Caterpillar plummets after flagging tariffs-triggered high material costs
Shares in Caterpillar (NYSE: CAT), the world’s no.1 heavy machinery maker, fell more than 7% in pre-market trading Tuesday, despite the company beating earnings estimates for the tenth time in a row.
The stock lost as much as $9.76 by 8:48 a.m. EST, dropping to $118.95, after closing at $128.71 on Monday, the lowest so far this year. The drop followed the mining and construction equipment manufacturer’s disclosure of cost concerns as a result of the Trump administration’s tariffs.
The Deerfield, Illinois-based firm said the ongoing trade war between Beijing and Washington, which has pushed up steel and aluminum prices and prompted retaliatory action from trading partners, resulted in $40 million in extra costs for materials during the third quarter.
Caterpillar, which is considered a reliable bellwether of global economic activity, said those additional costs were more than offset by higher prices for its products and cost cuttings during the period.
As a result, it now expects the impact of tariffs to come at the low end of a previously provided range of $100 to $200 million for the second half of this year.
The company also said it would have to increase some of its prices between 1 and 4% worldwide starting in January.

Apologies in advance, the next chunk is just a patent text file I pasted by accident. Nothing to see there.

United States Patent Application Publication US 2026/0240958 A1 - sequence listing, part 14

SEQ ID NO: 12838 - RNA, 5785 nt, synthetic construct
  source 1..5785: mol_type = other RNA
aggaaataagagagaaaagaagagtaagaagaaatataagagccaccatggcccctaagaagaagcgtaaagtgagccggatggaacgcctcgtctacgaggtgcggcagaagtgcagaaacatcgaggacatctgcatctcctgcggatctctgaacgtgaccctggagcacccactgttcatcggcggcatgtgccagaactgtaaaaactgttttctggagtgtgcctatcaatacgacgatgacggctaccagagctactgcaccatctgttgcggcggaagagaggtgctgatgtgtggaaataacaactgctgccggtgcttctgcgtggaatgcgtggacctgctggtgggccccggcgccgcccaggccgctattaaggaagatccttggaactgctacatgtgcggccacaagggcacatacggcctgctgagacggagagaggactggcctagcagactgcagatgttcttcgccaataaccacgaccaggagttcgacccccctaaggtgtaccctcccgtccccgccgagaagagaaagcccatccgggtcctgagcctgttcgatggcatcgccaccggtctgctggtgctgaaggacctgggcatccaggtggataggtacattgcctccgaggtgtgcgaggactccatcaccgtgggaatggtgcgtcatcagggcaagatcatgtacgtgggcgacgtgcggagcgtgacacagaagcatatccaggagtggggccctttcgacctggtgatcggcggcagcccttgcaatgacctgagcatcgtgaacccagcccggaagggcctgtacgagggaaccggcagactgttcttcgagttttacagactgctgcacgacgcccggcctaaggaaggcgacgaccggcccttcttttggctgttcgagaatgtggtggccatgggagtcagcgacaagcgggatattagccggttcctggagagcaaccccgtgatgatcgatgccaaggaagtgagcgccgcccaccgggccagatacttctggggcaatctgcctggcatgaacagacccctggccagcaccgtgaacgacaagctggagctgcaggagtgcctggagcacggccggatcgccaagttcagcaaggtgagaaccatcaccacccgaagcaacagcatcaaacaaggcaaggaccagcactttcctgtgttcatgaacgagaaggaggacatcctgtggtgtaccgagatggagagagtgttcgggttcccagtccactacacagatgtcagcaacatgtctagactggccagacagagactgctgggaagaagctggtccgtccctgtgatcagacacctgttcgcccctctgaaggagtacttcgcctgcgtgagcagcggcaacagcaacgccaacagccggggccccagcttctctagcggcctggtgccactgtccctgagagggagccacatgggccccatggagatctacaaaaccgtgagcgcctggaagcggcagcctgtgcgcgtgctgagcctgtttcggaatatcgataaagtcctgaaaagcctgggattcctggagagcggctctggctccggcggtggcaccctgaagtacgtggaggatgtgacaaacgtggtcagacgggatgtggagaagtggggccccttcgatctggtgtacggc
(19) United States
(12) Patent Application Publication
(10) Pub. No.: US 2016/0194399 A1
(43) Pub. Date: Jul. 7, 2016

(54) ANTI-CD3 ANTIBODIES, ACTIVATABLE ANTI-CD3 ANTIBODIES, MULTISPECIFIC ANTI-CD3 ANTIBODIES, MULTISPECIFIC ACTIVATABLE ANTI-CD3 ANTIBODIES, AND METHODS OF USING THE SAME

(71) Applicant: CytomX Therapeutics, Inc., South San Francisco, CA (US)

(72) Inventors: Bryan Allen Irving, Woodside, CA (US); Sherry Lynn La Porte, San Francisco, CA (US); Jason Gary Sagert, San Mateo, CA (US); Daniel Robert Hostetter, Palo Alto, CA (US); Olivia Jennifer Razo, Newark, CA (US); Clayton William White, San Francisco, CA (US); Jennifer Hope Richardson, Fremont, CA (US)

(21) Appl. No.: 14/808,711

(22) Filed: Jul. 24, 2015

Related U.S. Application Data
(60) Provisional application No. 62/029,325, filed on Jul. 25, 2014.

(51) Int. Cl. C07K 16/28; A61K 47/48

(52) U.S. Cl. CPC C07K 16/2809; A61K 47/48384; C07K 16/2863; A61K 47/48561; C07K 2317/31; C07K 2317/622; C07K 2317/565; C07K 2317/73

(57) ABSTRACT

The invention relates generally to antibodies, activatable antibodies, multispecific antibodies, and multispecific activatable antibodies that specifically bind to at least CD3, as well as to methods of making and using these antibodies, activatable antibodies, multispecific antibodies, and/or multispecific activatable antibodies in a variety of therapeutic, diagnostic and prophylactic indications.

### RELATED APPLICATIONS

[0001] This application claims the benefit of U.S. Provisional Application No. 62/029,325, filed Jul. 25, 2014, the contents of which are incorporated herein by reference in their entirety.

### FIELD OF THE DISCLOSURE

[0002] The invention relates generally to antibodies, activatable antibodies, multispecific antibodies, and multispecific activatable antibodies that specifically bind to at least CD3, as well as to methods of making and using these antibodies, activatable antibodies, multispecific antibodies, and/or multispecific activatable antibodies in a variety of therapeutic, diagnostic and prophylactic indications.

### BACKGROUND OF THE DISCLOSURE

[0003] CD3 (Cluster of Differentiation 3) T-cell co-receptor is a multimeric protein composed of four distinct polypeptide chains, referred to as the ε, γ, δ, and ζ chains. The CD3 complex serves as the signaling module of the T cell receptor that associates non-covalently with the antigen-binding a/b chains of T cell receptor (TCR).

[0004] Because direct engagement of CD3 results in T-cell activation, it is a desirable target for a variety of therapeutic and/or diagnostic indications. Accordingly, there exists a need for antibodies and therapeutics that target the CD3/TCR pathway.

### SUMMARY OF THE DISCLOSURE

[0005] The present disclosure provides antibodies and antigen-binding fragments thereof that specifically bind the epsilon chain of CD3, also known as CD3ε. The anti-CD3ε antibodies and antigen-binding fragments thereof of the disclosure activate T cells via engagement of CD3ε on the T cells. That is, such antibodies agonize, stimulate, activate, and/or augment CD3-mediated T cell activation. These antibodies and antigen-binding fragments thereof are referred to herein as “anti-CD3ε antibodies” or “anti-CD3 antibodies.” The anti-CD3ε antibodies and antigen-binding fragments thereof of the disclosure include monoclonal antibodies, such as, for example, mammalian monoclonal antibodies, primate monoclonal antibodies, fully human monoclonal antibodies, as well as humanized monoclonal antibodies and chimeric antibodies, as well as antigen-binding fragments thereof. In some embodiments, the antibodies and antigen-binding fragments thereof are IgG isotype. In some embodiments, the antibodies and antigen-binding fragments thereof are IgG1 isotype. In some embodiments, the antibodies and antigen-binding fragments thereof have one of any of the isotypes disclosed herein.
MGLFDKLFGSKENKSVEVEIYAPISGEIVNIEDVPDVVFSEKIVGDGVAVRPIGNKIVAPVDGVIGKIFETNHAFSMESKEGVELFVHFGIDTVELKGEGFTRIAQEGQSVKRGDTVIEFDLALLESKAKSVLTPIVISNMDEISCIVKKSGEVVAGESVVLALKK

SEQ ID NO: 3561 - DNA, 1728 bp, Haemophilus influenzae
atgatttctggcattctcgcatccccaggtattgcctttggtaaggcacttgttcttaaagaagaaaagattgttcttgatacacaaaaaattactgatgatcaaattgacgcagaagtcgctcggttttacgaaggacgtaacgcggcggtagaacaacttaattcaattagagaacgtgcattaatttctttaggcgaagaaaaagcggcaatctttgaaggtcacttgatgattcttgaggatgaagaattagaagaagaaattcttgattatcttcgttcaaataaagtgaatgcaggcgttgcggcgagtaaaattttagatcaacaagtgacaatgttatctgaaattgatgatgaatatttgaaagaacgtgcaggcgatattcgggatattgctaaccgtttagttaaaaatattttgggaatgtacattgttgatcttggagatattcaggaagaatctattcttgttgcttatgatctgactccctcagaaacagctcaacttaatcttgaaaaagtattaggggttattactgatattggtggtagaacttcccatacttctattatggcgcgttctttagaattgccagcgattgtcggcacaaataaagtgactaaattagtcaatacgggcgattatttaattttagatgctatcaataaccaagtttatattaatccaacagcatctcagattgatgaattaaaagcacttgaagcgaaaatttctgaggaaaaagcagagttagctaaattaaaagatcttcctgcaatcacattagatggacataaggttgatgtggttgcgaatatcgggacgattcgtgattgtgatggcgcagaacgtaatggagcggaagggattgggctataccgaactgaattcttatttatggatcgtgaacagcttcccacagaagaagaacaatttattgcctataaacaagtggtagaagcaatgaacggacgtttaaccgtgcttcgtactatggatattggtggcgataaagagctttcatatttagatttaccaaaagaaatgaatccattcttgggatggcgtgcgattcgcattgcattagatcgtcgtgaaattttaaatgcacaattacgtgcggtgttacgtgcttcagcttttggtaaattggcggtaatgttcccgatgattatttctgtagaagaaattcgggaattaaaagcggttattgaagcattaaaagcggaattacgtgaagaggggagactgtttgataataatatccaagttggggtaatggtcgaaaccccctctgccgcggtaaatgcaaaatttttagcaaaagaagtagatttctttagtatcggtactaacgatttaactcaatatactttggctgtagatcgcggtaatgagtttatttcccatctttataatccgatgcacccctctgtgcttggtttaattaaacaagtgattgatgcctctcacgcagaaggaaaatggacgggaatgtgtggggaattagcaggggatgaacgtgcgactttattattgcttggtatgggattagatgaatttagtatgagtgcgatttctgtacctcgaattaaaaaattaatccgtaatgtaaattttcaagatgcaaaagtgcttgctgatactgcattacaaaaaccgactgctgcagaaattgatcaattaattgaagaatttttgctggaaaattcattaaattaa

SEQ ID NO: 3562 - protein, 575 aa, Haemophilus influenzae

The world’s biggest earthmoving equipment maker is one of the many large American manufacturers trying to keep a lid on expenses to cope with a 36% rise in the price of hot rolled steel over the past year and the tariffs impact.
“Manufacturing costs were higher due to increased material and freight costs,” the company said in the statement. “Material costs were higher primarily due to increases in steel prices and tariffs.”
Annual profit per share hit $2.88, a third-quarter record, said Caterpillar. After adjusting for restructuring costs and a tax benefit to adjust deferred balances, adjusted earnings per share in the third quarter of 2018 was $2.86, above the $2.85 expected by most analysts.
“This was the best third-quarter profit per share in our company’s history,” the company’s chief executive Jim Umpleby said in the statement. “Our global team continues to do excellent work focusing on our customers’ success and executing our strategy for profitable growth.”
The numbers say it all: revenue in the quarter hit $13.5 billion, an 18 percent rise compared to the same quarter of 2017 and well ahead of the $13.2 billion the market was predicting. Sales in Caterpillar’s largest divisions — construction, resource, and energy & transportation — all grew strongly, rising 16%, 35% and 15% respectively.
Watch the company’s chief financial officer, Andrew Bonfield, discuss third-quarter 2018 financial results: